IFRS Ready? Initial assessments of IAS16-Fixed Assets have led many accounting professionals and experts to believe 'group' depreciation as practiced in the United States and Canada, particularly among rate-regulated entities will not be allowed. I have not agreed with this assessment and, after attending the Society of Depreciation Professionals (www.depr.org) conference this week in St. Louis, I heard further reinforcement that 'group' depreciation, in fact, is the only method that meets the IAS16 standard...for regulated as well as non-regulated companies.
'Group' depreciation, in brief, means an asset within a pool of like assets, upon write-off (derecogniton in IFRS language), is recorded against the depreciation reserve on the balance sheet, and NOT to the income statement gain or loss. IAS16, paragraph 68 states income statement gain or loss is required on asset derecognition. So, how is this seeming discrepancy in interpretation resolved. Here's how...
- An asset should be depreciated over its life, and if the life is accurate, there will be no gain or loss upon retirement. (IAS16, paragraph 60 actually says '...shall reflect the pattern in which the asset's economic benefits are expected to be consumed by the entity...', so I paraphrased.)
- Depreciation begins when the asset is in use and ceases when it is retired (derecognized). (IAS16, paragraph 55)
- It is a fact, that a pool of like as
sets, assigned an average life, will have some assets that retire before the average life and some that retire after the average life. And further, you cannot know which specific asset will live less or more than the average.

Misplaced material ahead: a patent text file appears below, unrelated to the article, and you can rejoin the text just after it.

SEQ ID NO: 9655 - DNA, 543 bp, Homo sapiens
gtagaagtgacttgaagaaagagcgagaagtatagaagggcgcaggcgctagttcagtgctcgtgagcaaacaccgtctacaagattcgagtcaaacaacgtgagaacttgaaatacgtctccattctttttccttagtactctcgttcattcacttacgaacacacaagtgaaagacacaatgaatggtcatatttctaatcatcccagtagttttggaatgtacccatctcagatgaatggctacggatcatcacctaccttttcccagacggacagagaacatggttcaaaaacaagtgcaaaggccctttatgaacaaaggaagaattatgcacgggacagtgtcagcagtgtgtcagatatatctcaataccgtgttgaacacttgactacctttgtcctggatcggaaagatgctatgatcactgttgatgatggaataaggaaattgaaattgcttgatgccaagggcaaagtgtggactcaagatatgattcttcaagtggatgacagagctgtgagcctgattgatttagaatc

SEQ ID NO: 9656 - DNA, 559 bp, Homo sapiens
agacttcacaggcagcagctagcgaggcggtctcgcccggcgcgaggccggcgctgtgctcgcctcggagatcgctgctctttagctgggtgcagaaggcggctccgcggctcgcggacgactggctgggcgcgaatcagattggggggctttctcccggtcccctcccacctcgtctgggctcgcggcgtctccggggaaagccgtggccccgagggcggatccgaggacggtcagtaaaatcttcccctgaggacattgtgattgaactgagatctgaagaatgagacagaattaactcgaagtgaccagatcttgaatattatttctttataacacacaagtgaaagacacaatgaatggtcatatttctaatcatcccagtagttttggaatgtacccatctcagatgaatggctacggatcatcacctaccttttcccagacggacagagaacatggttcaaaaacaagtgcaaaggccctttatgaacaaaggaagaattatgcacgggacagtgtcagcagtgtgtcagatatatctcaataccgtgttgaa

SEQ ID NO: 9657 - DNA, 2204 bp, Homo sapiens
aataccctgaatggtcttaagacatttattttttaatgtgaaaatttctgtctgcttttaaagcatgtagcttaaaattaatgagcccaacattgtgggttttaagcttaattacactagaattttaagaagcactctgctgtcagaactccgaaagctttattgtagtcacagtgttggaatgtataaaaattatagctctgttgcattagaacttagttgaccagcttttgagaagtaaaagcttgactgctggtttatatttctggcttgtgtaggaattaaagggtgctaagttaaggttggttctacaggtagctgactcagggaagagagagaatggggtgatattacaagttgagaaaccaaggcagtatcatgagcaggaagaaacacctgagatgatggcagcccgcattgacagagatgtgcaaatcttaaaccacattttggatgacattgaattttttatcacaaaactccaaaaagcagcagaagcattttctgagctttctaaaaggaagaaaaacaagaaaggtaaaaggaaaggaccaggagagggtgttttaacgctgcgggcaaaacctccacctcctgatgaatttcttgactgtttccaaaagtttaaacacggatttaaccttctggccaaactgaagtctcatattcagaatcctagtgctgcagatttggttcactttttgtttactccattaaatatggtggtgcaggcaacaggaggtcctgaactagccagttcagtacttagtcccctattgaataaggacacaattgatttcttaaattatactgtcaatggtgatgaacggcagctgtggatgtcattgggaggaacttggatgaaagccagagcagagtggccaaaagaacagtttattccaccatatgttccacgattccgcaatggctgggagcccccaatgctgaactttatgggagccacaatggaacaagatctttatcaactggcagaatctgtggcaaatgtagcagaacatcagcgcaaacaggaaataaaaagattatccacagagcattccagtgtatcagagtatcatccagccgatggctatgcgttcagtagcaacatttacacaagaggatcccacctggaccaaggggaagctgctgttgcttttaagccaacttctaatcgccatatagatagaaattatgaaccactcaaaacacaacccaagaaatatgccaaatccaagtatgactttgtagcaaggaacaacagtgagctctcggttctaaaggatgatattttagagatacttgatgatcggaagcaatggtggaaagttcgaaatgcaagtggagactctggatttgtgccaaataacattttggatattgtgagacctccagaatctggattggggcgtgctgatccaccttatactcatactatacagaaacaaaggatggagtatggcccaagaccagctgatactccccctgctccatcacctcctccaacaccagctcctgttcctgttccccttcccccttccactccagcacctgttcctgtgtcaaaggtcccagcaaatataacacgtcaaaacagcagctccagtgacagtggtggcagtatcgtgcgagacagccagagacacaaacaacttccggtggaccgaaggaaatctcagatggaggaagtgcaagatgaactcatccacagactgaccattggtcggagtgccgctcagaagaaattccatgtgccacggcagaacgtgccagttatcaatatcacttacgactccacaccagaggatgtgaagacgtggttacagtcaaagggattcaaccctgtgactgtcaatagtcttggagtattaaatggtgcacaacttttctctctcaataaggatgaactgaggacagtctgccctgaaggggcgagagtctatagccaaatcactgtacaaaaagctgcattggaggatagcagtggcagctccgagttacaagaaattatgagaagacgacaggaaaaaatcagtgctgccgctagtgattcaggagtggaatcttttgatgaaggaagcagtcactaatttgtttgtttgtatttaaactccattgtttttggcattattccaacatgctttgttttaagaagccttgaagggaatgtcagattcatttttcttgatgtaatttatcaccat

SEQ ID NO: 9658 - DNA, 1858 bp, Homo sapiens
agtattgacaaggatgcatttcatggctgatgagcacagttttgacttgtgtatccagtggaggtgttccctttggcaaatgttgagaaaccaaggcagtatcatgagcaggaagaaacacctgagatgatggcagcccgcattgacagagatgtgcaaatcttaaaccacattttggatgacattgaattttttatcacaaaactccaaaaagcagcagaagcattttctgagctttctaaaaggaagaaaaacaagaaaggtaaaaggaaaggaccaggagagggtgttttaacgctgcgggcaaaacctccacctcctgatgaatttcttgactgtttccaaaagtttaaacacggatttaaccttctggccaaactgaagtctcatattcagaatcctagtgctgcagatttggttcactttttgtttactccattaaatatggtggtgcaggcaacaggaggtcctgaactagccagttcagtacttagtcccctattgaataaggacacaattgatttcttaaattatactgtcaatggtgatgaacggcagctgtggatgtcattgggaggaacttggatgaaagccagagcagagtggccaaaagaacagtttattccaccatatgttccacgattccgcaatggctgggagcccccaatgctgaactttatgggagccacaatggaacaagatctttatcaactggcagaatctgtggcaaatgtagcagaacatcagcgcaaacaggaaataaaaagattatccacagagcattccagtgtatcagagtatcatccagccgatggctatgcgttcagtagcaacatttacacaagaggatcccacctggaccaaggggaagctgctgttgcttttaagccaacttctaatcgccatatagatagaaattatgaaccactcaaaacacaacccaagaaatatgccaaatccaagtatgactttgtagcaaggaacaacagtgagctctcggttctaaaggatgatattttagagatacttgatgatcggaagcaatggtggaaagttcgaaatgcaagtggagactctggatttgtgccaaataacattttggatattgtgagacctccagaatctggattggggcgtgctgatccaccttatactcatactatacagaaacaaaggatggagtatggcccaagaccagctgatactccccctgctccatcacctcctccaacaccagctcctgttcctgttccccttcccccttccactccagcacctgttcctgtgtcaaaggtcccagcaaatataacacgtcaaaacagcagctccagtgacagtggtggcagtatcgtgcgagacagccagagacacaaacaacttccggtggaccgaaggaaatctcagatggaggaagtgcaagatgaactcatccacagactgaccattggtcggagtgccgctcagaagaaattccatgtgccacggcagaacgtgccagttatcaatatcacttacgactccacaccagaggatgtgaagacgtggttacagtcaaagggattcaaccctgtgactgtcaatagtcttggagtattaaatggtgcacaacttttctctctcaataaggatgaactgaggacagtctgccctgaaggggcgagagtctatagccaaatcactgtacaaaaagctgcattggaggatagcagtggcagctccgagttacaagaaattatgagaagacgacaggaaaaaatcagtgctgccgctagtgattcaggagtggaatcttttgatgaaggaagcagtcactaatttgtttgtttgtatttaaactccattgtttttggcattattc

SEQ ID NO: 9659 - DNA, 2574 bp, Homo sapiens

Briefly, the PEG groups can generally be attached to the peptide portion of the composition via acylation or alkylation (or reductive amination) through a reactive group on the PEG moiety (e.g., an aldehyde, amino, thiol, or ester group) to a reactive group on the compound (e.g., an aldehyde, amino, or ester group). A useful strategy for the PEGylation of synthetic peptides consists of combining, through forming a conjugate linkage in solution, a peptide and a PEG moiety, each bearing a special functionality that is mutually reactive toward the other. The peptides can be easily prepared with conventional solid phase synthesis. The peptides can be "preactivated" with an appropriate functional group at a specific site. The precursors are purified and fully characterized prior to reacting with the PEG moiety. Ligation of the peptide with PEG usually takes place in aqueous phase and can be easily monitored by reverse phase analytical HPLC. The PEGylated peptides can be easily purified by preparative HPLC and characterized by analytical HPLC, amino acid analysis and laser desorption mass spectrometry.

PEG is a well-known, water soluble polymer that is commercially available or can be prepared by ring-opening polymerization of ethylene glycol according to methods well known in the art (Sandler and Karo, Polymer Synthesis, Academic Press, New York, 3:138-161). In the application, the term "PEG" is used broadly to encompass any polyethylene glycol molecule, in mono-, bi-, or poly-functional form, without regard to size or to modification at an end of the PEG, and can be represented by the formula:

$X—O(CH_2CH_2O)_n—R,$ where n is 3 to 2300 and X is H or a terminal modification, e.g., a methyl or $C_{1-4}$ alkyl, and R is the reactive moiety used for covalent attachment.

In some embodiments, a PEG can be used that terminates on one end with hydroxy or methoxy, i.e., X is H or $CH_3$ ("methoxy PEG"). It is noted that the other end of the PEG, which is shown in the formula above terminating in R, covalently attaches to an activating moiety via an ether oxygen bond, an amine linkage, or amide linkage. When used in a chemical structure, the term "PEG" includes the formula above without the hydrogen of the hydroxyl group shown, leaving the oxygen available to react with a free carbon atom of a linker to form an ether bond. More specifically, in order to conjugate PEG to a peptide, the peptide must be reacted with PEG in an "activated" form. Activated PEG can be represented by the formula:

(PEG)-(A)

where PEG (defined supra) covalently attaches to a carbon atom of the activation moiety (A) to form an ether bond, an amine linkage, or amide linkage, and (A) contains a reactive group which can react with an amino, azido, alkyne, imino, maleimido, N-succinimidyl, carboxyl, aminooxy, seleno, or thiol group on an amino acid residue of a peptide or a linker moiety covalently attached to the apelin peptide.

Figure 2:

- So, if you calculate a gain or loss on an asset that retires early, the result is wrong. If you possessed paranormal powers maybe you knew this asset would retire early, but if you did, you would have assigned its actual life, and not an average...and there would be no gain or loss!
- Of course, assigning our best estimate of actual lives to individual assets would not be easy nor practical.
- Therefore, grouping like assets (if life and depreciation method are the same, IAS16, paragraph 43), and recording each retirement to the depreciation reserve (gain or loss is zero) is the only depreciation method that complies with the depreciation principles outlined in IAS16!!
Many non-regulated companies today calculate depreciation using an average life (usually derived from tax tables or from discussions with engineers and technical experts) because it is easy to calculate and 'simple' to understand. However, from a principle perspective, it is wrong. But, this is what is taught in our colleges and universities, on the CPA exam, and within the audit firms.
If you work for a regulated company or a regulatory commission, you understand the depreciation principle and concepts well...and you know it should respresent an appropriate recovery of capital investment that is important to the company, shareholders, and customers. The purpose of the Society of Depreciation Professionals (www.depr.org) is to educate the community of users regarding depreciation
methods, procedures, and techniques.
Confused? This is why you need to assess the impact of IFRS and get IFRS Ready!
PS - Asset componentization (IAS16, paragraph 43) does not impact the application of the group depreciation method, other than you might have a few more balance sheet depreciation reserve pools.